Once the wings are glued into position, a few
sub-ribs are added at the wing roots and some cross grain sheeting is glued into
place to both add some strength and to allow a flat surface to tack your wing
covering onto.

It is immediately prior to doing the cross grain fuselage
sheeting that the landing gear is added. It is mounted in place using a double T
section of plywood with small notches cut out of it for the gear wire itself.
This assembly uses the motor mount for additional strength. As with other areas
in this kit, in this case strengthening one area lends itself to strengthening

As a final step prior to sanding, the fuselage cross
grain sheeting is added, totally solidifying the entire structure.

All told, I put in approximately 2.5 hours worth of
work before final sanding.

@904622:Wings slid into position, glue-less at this point.
@904623:Landing gear assembly in position. I re-enforced with rubber CA after this picture was taken.
@904624:Here is the radio and battery compartment. The receiver goes into the slot beneath the battery bay.
@904625:The completed airframe! Missing from this picture are the ailerons.

!!Final Assembly

My covering of choice for this airframe was black,
yellow, and silver Solite. I’m using three HS55 servos for control. My
receiver of choice is a full sized caseless Circus 7. Remarkably, this receiver
does fit into the fuselage! The fuselage is deceptively spacious. It is this
receiver, however, that hopped up my weight from the kits range (10.2oz max) up
to my reported weight (10.8oz). However, as flight testing will show below,
there are no adverse affects to this extra weight. My wheels of choice are Dubro
1.5” which seem a perfect match up to the size of the aircraft. For pushrod
material, I opted to use 0.055 music wire. This is sturdy enough not to require
any re-enforcement down the fuselage or any worry of bowing.&nbsp;<o:p>

The motor is installed using a typical GWS stick mount
and a single screw is recommended to hold it in position.

@904626:The completed airframe, minus electronics or pushrods. The weight so far is 4.1 oz
@904627:Here’s the neatly planned servo installation. Provisions and space are adequate for either one or two aileron servos.
@904628:She’s ready to fly! AUW at this point is 10.8 oz

!Final Check and Flying

It turns out that with my listed electronics, the CG
came out dead on the main spar. Kudos to <a href=""></a>
for good planning in this area! I set my control throws up with dual rates and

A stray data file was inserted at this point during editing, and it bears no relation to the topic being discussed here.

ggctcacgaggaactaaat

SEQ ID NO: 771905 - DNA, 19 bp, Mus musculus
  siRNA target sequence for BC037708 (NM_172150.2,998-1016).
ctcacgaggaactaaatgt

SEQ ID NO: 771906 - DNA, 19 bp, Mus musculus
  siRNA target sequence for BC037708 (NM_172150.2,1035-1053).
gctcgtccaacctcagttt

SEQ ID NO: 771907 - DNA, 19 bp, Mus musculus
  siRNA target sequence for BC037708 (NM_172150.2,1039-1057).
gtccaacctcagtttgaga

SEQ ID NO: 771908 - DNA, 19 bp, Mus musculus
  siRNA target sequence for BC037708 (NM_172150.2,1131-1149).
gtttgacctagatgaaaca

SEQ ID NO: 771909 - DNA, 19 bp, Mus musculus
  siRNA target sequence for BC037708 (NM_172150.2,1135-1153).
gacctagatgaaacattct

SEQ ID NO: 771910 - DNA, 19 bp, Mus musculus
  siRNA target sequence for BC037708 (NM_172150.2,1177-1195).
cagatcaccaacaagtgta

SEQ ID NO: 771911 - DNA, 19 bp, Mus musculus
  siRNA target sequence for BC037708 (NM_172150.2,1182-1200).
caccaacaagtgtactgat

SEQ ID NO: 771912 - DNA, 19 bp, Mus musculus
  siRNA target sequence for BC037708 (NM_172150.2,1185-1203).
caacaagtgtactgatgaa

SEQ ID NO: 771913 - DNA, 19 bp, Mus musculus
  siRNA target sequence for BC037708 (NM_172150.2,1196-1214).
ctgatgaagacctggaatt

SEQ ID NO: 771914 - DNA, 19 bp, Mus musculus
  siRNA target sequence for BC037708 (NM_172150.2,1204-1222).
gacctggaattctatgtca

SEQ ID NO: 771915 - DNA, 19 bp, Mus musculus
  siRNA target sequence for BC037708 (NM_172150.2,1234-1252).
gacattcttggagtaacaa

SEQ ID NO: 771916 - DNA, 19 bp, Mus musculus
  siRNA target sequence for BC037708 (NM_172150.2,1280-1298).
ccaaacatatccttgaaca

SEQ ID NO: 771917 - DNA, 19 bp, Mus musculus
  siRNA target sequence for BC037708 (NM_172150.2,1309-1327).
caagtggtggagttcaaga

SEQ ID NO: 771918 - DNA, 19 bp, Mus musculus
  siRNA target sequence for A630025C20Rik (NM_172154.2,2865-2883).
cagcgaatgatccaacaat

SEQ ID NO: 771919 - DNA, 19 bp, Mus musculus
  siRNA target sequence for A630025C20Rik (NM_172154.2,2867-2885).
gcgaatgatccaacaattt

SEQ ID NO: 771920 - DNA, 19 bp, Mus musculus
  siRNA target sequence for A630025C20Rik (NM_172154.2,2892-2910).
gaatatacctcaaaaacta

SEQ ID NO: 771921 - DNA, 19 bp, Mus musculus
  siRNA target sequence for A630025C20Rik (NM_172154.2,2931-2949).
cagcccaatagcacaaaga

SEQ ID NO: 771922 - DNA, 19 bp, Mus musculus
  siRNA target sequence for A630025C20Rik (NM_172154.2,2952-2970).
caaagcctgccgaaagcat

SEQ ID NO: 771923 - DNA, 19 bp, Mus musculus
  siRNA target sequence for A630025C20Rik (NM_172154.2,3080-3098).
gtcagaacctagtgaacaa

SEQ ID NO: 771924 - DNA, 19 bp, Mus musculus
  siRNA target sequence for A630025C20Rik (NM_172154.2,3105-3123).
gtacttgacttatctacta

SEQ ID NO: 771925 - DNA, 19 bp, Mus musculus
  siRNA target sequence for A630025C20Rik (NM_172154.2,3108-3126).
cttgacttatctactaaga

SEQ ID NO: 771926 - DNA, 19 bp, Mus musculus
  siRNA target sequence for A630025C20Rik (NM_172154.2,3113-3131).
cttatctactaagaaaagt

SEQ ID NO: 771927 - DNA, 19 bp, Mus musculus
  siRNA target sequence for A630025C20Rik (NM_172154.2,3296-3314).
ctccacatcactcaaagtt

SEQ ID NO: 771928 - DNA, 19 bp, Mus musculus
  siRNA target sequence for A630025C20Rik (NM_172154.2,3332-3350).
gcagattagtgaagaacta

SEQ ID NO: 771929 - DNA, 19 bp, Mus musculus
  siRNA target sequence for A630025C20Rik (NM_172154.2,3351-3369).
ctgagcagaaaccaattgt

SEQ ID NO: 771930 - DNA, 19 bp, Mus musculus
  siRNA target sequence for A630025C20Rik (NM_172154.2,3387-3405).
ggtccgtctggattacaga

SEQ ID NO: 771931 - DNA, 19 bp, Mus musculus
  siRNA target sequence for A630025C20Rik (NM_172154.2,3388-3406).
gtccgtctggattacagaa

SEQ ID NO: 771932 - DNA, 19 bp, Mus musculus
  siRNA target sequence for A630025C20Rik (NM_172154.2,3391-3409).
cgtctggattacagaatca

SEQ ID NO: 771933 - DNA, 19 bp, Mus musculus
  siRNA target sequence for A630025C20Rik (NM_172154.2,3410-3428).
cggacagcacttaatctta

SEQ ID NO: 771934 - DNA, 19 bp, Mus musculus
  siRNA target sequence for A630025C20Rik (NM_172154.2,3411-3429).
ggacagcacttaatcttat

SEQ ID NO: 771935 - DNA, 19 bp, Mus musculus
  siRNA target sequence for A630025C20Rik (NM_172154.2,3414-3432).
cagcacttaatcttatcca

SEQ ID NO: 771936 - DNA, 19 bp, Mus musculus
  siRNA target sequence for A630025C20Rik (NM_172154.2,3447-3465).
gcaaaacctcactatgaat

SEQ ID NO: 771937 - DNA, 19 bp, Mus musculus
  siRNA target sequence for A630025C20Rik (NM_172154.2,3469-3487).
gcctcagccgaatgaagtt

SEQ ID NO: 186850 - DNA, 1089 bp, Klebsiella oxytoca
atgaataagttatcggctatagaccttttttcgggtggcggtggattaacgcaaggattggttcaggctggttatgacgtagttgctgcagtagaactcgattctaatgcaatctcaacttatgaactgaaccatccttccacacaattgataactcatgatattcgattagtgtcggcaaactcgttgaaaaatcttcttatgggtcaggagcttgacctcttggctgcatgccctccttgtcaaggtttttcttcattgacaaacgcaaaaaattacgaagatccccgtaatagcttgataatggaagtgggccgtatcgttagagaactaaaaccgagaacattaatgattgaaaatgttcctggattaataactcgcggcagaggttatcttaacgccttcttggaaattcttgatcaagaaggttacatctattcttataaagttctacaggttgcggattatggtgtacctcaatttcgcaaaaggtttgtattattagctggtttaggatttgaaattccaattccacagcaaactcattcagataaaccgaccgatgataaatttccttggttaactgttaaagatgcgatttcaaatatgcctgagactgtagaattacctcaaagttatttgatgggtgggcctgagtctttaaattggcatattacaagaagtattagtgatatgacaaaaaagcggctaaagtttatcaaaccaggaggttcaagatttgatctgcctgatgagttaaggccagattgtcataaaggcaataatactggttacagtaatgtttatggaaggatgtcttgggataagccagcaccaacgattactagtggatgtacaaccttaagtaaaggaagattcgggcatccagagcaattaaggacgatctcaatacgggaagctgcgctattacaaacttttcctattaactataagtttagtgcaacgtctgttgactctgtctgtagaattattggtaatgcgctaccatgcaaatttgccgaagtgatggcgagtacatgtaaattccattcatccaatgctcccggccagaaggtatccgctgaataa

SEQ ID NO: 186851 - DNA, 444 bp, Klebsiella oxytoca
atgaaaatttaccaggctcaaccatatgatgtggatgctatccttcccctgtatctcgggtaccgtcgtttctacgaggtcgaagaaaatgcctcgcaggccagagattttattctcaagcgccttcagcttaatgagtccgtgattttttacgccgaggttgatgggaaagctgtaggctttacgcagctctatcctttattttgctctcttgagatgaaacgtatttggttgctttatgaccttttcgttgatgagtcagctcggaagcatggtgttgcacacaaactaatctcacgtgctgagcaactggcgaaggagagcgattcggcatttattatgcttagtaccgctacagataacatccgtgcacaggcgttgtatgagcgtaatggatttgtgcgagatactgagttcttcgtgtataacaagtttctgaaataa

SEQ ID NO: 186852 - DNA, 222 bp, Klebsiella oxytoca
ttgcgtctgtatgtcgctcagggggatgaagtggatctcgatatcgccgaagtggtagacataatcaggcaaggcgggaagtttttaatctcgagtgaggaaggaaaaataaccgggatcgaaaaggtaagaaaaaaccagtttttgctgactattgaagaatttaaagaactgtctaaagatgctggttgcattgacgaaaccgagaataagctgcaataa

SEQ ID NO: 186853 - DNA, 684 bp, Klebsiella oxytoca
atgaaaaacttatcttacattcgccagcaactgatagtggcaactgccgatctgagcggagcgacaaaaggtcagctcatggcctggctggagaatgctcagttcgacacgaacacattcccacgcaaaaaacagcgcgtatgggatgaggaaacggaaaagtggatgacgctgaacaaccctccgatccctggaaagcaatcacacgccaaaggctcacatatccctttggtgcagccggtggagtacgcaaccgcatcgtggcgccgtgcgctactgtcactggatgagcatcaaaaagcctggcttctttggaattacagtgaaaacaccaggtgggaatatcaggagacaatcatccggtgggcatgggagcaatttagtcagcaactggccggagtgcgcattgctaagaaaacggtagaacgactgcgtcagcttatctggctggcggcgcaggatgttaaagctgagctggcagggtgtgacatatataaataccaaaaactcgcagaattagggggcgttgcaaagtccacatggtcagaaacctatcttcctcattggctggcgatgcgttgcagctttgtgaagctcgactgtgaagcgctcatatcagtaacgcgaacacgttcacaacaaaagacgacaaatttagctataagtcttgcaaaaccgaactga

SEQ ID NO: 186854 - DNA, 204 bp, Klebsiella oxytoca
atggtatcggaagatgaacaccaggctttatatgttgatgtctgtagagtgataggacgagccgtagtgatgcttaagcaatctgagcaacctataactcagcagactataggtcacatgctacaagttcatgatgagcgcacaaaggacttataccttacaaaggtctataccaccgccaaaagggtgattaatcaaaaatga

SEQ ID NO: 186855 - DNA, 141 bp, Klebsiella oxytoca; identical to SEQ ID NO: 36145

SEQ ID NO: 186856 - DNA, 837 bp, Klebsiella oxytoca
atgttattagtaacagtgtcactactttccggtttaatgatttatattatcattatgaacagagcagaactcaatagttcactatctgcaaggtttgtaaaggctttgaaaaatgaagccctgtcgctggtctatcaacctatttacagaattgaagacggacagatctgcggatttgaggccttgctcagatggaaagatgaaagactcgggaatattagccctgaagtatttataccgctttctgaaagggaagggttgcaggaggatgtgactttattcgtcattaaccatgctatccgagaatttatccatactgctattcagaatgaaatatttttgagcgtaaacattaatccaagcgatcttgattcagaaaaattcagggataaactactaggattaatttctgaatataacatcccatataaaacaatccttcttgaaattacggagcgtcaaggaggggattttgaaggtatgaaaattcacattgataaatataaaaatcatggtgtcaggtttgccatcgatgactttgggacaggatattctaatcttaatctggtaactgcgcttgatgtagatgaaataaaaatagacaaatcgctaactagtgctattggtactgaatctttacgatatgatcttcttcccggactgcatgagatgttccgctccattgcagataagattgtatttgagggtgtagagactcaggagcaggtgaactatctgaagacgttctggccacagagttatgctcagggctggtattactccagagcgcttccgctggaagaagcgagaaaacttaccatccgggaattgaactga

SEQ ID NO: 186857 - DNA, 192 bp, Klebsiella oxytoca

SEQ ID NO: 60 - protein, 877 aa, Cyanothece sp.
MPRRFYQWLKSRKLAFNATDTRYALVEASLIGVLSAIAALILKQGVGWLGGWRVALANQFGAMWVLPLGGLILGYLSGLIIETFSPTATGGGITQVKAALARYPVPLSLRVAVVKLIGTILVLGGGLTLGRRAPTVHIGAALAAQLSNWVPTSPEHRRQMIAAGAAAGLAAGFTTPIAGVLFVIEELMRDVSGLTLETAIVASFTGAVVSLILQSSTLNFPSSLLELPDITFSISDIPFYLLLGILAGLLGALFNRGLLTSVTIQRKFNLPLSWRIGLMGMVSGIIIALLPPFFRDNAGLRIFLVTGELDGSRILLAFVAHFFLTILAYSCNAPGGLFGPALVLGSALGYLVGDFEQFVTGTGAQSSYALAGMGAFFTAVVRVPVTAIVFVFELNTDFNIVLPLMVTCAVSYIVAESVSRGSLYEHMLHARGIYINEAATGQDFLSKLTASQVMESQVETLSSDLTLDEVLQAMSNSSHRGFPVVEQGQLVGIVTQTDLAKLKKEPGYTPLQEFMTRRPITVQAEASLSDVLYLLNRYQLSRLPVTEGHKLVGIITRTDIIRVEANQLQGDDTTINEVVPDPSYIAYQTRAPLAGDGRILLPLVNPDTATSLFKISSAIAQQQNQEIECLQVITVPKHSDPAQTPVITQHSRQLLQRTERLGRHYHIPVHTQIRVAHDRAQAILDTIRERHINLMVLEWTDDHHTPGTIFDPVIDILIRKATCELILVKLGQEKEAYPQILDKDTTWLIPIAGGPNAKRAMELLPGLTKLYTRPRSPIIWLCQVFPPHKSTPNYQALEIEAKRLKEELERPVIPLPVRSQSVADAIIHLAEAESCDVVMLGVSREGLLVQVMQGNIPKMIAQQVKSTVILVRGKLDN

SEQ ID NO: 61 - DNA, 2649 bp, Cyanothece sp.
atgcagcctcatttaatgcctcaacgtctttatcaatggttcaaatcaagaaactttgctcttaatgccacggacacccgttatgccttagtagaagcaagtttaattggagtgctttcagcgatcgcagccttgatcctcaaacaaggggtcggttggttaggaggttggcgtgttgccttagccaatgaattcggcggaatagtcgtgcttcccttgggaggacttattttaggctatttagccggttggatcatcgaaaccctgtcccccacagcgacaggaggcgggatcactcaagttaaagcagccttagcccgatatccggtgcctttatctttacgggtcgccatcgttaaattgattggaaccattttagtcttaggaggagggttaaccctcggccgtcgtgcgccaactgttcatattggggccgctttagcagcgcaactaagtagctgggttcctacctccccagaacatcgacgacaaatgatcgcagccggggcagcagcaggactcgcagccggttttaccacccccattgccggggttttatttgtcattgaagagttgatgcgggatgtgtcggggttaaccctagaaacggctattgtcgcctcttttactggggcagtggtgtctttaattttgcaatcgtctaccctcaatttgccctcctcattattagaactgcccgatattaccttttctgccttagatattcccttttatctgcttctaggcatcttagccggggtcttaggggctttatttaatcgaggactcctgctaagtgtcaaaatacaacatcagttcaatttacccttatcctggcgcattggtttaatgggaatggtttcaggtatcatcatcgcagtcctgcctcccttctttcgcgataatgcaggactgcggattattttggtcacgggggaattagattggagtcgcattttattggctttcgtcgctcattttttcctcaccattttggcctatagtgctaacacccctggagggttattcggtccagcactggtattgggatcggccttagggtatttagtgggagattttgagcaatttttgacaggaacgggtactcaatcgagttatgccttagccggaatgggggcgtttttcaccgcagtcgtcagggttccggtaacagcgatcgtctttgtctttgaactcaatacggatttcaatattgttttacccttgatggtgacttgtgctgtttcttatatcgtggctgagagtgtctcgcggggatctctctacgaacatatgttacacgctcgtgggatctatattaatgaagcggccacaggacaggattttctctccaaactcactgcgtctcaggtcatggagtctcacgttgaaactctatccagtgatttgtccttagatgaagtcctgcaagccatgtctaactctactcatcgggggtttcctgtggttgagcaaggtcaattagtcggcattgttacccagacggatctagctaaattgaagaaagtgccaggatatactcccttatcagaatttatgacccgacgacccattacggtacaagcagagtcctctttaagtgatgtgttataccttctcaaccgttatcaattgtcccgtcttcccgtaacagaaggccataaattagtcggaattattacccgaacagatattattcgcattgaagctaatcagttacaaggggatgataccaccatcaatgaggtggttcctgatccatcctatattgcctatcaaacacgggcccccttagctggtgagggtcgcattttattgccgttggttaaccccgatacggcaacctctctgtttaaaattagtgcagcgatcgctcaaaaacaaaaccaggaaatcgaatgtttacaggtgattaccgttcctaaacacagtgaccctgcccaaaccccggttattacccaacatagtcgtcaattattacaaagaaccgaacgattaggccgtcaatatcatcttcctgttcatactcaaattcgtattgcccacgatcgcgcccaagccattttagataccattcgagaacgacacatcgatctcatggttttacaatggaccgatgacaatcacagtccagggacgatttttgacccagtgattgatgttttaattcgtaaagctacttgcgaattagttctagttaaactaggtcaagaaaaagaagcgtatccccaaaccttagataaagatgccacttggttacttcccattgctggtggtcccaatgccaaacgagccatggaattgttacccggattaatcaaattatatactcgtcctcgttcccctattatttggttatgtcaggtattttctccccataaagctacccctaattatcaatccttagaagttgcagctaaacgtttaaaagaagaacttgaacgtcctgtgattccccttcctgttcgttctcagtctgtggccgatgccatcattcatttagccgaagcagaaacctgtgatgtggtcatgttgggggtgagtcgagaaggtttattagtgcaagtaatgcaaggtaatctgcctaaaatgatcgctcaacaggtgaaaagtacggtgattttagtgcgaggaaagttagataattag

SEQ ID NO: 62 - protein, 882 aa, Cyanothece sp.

no expo. All controls have the maximum mechanically allowable throws on high
rates (over 45 degrees each direction for each surface) and about 2/3 of that on
low rates, which is the manual-recommended 30 degrees. I set my controls up all
neutrally fully expecting to have to add some right rudder after takeoff. Rather
than guess on the amount, I winged it so to speak.

I should interject a quick word on my power setup
before getting to the actual flight report. My power setup is aggressive enough
to be straining the batteries if left to run at full throttle on the bench.
However, the motor does unload slightly inflight, bringing the overall
current down. Even still, I’d recommend my specific setup to a pilot
experienced with throttle management. Have no hesitations in propping down to a
9x7 with my very same setup if you feel unsure about your left thumb. The power
will still be tremendous and sure to impress your flying buddies.

A quick check over showed everything to be in order,
so off we went to a local ball diamond for a quick test flight!

@904613:Awaiting the fateful moment
@904629:From the front, showing her sleek lines.


The test flight was done on a recently used ball
diamond. As such the dirt was rather torn up and upwards of ½” deep in spots.
The Axon, however, had no problems with this. I advanced the throttle slowly,
lifting off at about ½ throttle in around 20 feet. The initial climbout did
indeed show the need for right rudder, which I promptly added. This amounted to
about 1/3 right rudder trim or about ¼” actual movement on the rudder itself.
The ailerons and elevator needed no trim movement whatsoever. Further flights
have shown the takeoff roll to be around the 5 foot mark, even in soft sand. The
Axon really gets up and goes!

@904630:Taking to the wild blue yonder
@904631:Banking to avoid the backstop after a touch and go

!!Low Speed

Slow speed flight shows no signs of any bad behavior.
Slowing the Axon down to the stall speed just causes her to mush along so long
as you’ve got a little throttle on. This presents a relatively automatic
harrier so long as you have enough elevator throw. With throttle off, the Axon
does have a pronounced nose drop, but with absolutely no hint of a tip stall.

@904632:Exploring low speed handling at altitude.

!!High Speed

The Axon shows no hint of any trim changes from low to
high speeds, which is important for a plane so very aerobatic (see below). With
my 10x8 on board, I find myself quite often surpassing the pitch speed of the
prop, producing a rather wild sounding but harmless hum. The Axon tends to pick